JONATHAN BURDICK: Kind of a similar question. Can I go through drop and add in between the two rounds?
RYAN SEXTON: I think the question would be, after the window closes, could they still potentially drop a class before round two starts. And I would say no based on how I know PeopleSoft.
RHONDA KITCH: I would agree.
JONATHAN BURDICK: OK. Somebody asked if we can please discuss the SU option, and what are the right circumstances-- this is probably for Lisa. In what circumstances would that also be a good idea and how does that work?
LISA NISHII: So we have reverted back to our regular grading practices, which just means that it's up to the faculty member, instructor of the course, to decide what grading options are available for the course. And so it won't be the same as the spring where we moved to a system where the SU option was available in all courses.
And you should know that this is consistent with what universities are doing across the nation, that is to go back to a system where students can earn grades, and that there was a-- and we've talked a lot about this and I know students care a lot about this.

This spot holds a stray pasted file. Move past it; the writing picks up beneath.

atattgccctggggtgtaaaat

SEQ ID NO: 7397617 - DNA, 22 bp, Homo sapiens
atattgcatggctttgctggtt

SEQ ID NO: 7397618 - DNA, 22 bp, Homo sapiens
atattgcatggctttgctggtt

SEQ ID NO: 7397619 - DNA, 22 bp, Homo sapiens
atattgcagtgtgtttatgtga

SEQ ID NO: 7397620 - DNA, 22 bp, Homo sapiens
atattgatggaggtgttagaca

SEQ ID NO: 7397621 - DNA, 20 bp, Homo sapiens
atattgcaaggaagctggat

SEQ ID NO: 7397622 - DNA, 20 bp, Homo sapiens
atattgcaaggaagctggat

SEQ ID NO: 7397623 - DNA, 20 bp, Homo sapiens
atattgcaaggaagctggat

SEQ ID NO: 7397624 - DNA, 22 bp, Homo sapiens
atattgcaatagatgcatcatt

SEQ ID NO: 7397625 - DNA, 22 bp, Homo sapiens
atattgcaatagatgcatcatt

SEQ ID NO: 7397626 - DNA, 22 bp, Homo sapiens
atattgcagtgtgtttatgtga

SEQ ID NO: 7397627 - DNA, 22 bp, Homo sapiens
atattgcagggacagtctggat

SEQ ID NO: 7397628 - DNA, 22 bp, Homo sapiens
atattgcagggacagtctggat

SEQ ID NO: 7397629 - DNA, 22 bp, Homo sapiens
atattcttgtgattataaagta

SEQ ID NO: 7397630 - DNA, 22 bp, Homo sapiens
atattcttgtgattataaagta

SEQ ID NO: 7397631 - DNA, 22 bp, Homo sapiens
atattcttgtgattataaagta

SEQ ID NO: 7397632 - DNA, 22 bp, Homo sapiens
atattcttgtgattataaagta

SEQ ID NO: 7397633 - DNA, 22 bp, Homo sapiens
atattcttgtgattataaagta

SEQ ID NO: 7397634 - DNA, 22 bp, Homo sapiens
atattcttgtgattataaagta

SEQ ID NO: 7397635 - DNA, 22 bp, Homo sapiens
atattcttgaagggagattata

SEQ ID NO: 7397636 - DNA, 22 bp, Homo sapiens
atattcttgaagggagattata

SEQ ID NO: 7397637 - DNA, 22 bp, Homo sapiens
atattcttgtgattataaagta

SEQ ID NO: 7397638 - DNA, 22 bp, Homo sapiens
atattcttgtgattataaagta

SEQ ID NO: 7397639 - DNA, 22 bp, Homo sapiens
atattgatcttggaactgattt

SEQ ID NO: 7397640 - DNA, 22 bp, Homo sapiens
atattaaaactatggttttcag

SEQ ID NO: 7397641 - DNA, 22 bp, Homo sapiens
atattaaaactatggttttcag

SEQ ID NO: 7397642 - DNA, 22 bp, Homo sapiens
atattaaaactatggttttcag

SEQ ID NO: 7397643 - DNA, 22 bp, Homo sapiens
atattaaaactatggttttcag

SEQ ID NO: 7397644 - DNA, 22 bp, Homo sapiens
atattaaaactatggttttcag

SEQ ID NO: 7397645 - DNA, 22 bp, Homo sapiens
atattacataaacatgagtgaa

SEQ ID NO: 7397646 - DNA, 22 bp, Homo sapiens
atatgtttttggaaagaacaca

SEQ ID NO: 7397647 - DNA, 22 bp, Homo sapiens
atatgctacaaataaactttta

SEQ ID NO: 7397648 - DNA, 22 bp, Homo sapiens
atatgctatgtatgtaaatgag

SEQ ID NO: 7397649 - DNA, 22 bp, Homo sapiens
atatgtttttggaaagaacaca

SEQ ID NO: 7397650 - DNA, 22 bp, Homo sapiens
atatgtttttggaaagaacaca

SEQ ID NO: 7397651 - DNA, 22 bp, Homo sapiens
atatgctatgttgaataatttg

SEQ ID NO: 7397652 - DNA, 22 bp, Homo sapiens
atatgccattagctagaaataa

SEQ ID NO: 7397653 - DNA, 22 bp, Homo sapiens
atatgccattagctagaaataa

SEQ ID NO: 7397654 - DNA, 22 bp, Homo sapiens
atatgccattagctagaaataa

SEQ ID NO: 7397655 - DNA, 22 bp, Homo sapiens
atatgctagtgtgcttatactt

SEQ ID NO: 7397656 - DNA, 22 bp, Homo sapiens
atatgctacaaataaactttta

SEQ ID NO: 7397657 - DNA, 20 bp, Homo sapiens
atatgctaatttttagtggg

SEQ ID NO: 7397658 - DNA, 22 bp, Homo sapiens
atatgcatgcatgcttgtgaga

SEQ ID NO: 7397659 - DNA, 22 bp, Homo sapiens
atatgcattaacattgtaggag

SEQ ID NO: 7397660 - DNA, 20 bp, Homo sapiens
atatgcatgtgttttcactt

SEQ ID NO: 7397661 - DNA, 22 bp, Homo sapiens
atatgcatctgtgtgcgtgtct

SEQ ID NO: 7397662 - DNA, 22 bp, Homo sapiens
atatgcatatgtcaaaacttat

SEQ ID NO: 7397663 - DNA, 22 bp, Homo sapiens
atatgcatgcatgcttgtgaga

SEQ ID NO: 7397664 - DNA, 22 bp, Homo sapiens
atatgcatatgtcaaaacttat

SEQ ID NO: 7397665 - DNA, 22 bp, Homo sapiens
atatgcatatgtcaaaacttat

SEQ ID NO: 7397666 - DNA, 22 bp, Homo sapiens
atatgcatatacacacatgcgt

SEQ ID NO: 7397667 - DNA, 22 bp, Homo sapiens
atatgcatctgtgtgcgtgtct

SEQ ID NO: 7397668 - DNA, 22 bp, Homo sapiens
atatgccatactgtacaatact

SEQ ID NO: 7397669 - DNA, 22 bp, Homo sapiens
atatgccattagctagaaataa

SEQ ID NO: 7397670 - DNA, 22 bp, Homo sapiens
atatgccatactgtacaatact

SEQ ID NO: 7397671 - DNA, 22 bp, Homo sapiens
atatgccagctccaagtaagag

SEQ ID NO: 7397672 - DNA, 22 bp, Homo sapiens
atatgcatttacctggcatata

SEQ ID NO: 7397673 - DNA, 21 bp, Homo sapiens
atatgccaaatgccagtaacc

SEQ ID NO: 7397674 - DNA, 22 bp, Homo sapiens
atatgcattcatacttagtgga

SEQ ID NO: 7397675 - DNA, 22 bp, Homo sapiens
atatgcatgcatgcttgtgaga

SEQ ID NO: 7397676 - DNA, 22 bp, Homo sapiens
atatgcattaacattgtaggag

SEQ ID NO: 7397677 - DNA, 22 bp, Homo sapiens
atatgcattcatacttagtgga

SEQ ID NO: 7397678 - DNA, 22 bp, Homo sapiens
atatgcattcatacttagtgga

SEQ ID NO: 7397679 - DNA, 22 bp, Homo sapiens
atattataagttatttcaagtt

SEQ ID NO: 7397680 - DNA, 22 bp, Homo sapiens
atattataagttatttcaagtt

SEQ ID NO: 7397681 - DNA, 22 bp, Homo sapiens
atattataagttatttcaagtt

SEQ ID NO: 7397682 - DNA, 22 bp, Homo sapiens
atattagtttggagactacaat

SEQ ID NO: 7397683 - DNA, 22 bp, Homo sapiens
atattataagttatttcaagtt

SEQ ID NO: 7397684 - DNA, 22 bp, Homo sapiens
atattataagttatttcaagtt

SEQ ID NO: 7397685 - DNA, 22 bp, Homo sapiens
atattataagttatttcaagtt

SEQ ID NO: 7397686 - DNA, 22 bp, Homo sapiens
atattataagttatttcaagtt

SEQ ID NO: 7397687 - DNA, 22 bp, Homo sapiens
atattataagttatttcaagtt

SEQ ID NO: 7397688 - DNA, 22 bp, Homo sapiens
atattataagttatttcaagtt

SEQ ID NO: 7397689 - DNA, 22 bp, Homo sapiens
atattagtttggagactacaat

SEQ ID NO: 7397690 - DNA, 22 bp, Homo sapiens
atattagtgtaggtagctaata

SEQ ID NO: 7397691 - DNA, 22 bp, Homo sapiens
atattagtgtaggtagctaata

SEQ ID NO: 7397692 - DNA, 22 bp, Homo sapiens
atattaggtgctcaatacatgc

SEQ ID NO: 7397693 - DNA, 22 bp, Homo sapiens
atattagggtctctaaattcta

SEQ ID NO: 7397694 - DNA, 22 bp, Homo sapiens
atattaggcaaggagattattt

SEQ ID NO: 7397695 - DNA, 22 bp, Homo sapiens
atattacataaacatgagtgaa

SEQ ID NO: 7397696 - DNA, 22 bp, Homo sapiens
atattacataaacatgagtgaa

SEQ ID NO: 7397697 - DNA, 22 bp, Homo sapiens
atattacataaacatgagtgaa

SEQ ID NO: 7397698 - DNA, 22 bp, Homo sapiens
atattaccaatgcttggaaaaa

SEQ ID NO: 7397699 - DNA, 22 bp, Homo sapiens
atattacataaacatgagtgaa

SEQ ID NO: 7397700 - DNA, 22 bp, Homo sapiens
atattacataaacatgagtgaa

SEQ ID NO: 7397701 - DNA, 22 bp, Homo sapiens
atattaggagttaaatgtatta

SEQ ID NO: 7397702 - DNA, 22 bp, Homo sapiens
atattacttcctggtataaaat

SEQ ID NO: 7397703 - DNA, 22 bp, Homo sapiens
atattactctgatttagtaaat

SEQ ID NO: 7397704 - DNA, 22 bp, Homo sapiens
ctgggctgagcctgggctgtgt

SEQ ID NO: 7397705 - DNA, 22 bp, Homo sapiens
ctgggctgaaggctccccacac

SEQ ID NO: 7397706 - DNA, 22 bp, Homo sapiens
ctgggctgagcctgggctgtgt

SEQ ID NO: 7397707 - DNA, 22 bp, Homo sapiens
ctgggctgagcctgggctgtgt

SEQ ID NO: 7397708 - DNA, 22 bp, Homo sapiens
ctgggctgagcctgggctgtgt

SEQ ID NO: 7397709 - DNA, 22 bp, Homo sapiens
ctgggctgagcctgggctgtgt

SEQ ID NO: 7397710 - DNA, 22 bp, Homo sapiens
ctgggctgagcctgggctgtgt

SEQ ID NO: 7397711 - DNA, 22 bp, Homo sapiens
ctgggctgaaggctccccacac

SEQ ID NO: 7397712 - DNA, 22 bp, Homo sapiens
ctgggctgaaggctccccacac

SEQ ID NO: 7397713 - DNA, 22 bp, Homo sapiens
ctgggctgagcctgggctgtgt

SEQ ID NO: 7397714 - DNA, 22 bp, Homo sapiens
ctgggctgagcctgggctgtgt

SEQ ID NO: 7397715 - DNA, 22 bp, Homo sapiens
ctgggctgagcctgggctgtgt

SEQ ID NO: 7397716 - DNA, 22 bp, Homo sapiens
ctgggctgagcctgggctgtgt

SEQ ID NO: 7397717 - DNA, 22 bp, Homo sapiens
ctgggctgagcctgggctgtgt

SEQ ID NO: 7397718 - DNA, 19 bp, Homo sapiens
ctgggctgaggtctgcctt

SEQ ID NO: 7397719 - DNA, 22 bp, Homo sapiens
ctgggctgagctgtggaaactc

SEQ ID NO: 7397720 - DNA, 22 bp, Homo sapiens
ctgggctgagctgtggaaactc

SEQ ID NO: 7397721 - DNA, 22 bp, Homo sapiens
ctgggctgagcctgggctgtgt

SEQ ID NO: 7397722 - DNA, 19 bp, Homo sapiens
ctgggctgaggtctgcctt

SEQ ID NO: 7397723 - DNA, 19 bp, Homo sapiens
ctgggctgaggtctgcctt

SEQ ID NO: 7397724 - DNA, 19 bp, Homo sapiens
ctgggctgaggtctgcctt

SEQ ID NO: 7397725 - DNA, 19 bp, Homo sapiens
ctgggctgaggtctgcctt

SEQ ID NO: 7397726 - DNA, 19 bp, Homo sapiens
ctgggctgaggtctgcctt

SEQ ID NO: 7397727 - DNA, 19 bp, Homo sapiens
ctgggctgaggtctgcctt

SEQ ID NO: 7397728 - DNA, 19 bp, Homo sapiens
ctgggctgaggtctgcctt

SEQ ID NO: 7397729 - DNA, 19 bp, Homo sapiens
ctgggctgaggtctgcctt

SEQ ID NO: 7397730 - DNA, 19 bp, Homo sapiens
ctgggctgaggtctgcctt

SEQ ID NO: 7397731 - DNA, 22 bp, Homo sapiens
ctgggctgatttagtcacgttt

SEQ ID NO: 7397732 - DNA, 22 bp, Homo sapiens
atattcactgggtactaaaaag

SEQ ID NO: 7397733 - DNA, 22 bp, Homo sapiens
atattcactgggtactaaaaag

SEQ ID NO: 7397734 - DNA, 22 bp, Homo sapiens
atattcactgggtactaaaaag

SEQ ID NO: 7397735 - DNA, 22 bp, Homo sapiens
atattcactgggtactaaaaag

But when applying to grad school, if peers from other institutions are taking all their courses for grades and students here at Cornell were not, the strong feeling is that it would disadvantage students who are applying to graduate school.
It doesn't mean that the SU option might not be available in some courses. It absolutely is. It's just that grades are required to meet certain requirements across departments and majors. Did that answer your question, John?
JONATHAN BURDICK: Yeah, I'm pretty sure it does. I've got a question that I think I'm going to answer. It's from someone who might be coming from abroad would be potentially a guess, or even an international student who's still waiting for visa appointments. If I go back to Ithaca in October, do I need to report that to the school even if I still prefer to take all my classes online this fall?
A couple answers to that. Yes. If you're coming back to Ithaca later than the start of the semester on September 2, for most of the people on this Zoom, number one, yes, please absolutely do let us know that you're coming back to Ithaca. That's mandatory, and we do need to bring you under the surveillance testing, and you do need to do arrival testing.
You do need to make your travel plans with New York state, and you do need, in some cases, to isolate and quarantine on arrival. So none of that changes even with the late arrival. And also, if you are thinking about coming back, and you'd like to be back in Ithaca either for classes in-person that you might still have a chance to access or to take online classes but to be here, please plan for that to be no later than October the 5th.